ruffle

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ruffle (one's) feathers

To annoy, irritate, or upset someone. Sarah's just teasing you. Don't let her ruffle your feathers like that! Harry's bombastic, arrogant demeanor tends to ruffle people's feathers, but he's a decent guy at heart.
See also: feather, ruffle

ruffle a few feathers

To do something which annoys, irritates, or upsets other people. I know my presentation about the effects of climate change is going to ruffle a few feathers, but I have got to raise awareness about this issue! Harry's bombastic, arrogant demeanor tends to ruffle a few feathers, but he's a decent guy at heart.
See also: feather, few, ruffle

ruffle some feathers

To do something which annoys, irritates, or upsets other people. I know my presentation about the effects of climate change are going to ruffle some feathers, but I have got to raise awareness about this issue! Harry's bombastic, arrogant demeanor tends to ruffle some feathers, but he's a decent guy at heart.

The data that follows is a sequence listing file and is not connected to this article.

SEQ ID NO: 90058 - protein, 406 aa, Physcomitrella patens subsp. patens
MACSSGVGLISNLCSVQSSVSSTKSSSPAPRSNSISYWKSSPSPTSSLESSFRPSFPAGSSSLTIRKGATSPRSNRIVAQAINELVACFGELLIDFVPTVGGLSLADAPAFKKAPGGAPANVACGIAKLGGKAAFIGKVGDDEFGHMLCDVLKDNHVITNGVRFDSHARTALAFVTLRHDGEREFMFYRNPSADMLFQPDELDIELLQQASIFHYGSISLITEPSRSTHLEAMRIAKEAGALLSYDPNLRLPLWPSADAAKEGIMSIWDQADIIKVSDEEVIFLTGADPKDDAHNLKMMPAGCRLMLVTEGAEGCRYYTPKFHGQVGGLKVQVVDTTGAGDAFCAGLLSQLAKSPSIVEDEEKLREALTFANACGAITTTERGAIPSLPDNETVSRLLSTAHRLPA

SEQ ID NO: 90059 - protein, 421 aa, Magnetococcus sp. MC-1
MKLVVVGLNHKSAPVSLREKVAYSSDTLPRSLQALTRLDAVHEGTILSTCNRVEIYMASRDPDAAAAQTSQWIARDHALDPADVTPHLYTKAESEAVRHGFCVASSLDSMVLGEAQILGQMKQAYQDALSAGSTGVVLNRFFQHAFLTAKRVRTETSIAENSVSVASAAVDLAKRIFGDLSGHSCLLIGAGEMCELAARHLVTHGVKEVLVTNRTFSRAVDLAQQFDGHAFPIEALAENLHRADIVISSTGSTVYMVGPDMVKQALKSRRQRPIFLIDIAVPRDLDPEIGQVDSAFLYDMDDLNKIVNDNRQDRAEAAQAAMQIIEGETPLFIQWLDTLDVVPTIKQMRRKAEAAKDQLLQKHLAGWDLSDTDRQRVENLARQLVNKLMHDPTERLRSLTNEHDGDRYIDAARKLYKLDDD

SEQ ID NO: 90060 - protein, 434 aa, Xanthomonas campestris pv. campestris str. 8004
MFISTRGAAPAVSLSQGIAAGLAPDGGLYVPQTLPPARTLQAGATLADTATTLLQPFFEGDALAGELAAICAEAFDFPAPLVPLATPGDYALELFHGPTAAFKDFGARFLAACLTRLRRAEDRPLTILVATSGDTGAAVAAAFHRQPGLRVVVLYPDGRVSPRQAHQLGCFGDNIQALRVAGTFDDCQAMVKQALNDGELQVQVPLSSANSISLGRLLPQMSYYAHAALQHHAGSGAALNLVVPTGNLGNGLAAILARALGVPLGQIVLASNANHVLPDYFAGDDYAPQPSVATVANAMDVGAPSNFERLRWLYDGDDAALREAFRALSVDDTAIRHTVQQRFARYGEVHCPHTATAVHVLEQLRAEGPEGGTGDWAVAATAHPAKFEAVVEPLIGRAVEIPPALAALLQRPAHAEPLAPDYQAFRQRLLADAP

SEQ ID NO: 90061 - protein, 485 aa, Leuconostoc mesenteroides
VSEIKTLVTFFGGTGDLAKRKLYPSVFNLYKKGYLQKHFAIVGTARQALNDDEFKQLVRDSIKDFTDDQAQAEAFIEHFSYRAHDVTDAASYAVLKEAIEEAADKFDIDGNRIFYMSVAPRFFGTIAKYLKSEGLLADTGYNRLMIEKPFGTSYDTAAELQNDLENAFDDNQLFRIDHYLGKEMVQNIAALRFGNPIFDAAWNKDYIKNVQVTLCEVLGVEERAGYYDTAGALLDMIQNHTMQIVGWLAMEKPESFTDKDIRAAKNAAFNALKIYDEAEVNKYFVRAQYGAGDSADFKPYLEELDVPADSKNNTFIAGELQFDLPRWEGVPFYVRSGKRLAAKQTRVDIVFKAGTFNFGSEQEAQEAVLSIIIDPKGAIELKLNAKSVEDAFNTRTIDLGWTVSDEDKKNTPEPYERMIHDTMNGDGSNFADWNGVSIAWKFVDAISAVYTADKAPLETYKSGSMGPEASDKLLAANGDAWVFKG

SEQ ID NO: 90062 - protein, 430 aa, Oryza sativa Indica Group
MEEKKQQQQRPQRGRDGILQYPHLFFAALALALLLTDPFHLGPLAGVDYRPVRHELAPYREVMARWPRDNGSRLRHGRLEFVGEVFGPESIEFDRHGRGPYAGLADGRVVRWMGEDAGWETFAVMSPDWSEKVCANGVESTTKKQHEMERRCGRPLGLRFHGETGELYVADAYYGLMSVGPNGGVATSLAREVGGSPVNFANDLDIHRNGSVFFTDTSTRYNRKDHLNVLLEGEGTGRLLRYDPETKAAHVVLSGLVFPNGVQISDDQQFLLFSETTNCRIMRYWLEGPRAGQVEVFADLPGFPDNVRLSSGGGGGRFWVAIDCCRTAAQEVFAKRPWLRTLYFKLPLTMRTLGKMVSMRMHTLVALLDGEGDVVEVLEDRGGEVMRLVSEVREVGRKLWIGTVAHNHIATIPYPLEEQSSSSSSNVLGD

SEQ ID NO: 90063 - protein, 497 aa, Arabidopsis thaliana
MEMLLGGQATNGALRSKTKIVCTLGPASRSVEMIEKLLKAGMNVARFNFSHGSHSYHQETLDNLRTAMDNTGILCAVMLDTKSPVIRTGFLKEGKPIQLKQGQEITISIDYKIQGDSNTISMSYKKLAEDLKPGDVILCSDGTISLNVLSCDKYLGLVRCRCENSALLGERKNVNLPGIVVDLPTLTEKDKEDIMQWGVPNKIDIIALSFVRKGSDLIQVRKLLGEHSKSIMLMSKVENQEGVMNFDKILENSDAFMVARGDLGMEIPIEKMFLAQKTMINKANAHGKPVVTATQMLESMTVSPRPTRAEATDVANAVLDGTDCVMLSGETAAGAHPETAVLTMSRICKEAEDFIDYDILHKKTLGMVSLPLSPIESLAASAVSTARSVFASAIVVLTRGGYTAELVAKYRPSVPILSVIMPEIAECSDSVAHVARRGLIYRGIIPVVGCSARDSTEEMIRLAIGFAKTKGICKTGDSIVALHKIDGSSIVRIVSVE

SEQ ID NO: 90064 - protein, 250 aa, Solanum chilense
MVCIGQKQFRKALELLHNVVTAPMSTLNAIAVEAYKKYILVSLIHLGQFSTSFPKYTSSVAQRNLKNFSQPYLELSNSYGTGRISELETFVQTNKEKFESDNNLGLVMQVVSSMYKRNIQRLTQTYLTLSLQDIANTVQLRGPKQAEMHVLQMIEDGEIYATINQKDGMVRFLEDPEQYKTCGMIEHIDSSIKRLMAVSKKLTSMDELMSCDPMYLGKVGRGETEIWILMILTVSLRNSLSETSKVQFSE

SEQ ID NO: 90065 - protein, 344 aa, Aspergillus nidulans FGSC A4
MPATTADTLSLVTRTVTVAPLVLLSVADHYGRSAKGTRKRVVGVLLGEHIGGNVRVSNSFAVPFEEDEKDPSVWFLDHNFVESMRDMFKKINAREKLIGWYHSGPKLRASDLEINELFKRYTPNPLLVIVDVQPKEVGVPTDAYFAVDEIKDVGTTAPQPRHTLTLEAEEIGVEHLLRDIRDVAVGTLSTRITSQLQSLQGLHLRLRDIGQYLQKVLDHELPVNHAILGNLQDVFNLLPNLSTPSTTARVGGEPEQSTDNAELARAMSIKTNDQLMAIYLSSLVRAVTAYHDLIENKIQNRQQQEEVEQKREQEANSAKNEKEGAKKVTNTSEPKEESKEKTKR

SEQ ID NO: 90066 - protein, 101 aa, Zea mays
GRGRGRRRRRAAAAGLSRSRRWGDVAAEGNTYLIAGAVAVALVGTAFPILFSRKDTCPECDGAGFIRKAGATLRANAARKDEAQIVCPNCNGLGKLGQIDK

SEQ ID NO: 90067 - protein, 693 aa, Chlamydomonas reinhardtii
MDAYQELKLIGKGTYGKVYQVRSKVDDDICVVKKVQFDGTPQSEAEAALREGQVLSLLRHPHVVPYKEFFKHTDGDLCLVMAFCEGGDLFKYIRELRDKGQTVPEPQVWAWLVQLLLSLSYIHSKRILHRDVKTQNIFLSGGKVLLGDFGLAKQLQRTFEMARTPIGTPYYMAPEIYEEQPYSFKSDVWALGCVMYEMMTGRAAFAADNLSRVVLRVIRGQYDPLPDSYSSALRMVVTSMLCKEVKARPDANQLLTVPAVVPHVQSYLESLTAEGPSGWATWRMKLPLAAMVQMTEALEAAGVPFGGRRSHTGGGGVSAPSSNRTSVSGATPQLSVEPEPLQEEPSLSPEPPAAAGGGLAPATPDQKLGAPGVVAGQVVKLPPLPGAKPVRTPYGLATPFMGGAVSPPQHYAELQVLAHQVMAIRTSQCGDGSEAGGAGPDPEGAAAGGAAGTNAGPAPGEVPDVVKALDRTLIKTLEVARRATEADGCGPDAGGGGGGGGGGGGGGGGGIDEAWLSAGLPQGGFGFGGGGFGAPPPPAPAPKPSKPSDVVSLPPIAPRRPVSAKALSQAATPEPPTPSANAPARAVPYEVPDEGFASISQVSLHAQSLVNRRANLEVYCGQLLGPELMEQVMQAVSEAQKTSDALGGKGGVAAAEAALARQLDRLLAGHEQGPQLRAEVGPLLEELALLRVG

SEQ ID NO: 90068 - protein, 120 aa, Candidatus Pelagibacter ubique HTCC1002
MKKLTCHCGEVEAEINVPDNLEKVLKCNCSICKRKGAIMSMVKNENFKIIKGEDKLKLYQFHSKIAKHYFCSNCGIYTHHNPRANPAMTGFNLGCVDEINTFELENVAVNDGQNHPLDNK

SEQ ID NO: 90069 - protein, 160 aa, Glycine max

See also: feather, ruffle

ruffle up

1. To mess up the smooth surface of something by making individual parts stand on end. A noun or pronoun can also be used between "ruffle" and "up." The cat really hates it if you ruffle up its fur by stroking it back to front. My uncle always ruffles my hair up when he sees me.
2. To cause one's hair or clothes to become disheveled or disordered through physical means. A noun or pronoun can be used between "ruffle" and "up." My brother always tries to ruffle me up just after I've finished getting my hair and clothes exactly the way I want them. The photographer ruffled up his model for the photoshoot.
3. To irritate, upset, or distress someone. A noun or pronoun can be used between "ruffle" and "up." I think your comments really ruffled up the boss. The news had ruffled me up, but I knew I had to keep doing my job.
4. To bully or harass someone using physical force. (A less common variant of "rough up.") A noun or pronoun can be used between "ruffle" and "up." Take some men and go ruffle the witness up a bit. Make sure he knows what'll happen if he testifies in court.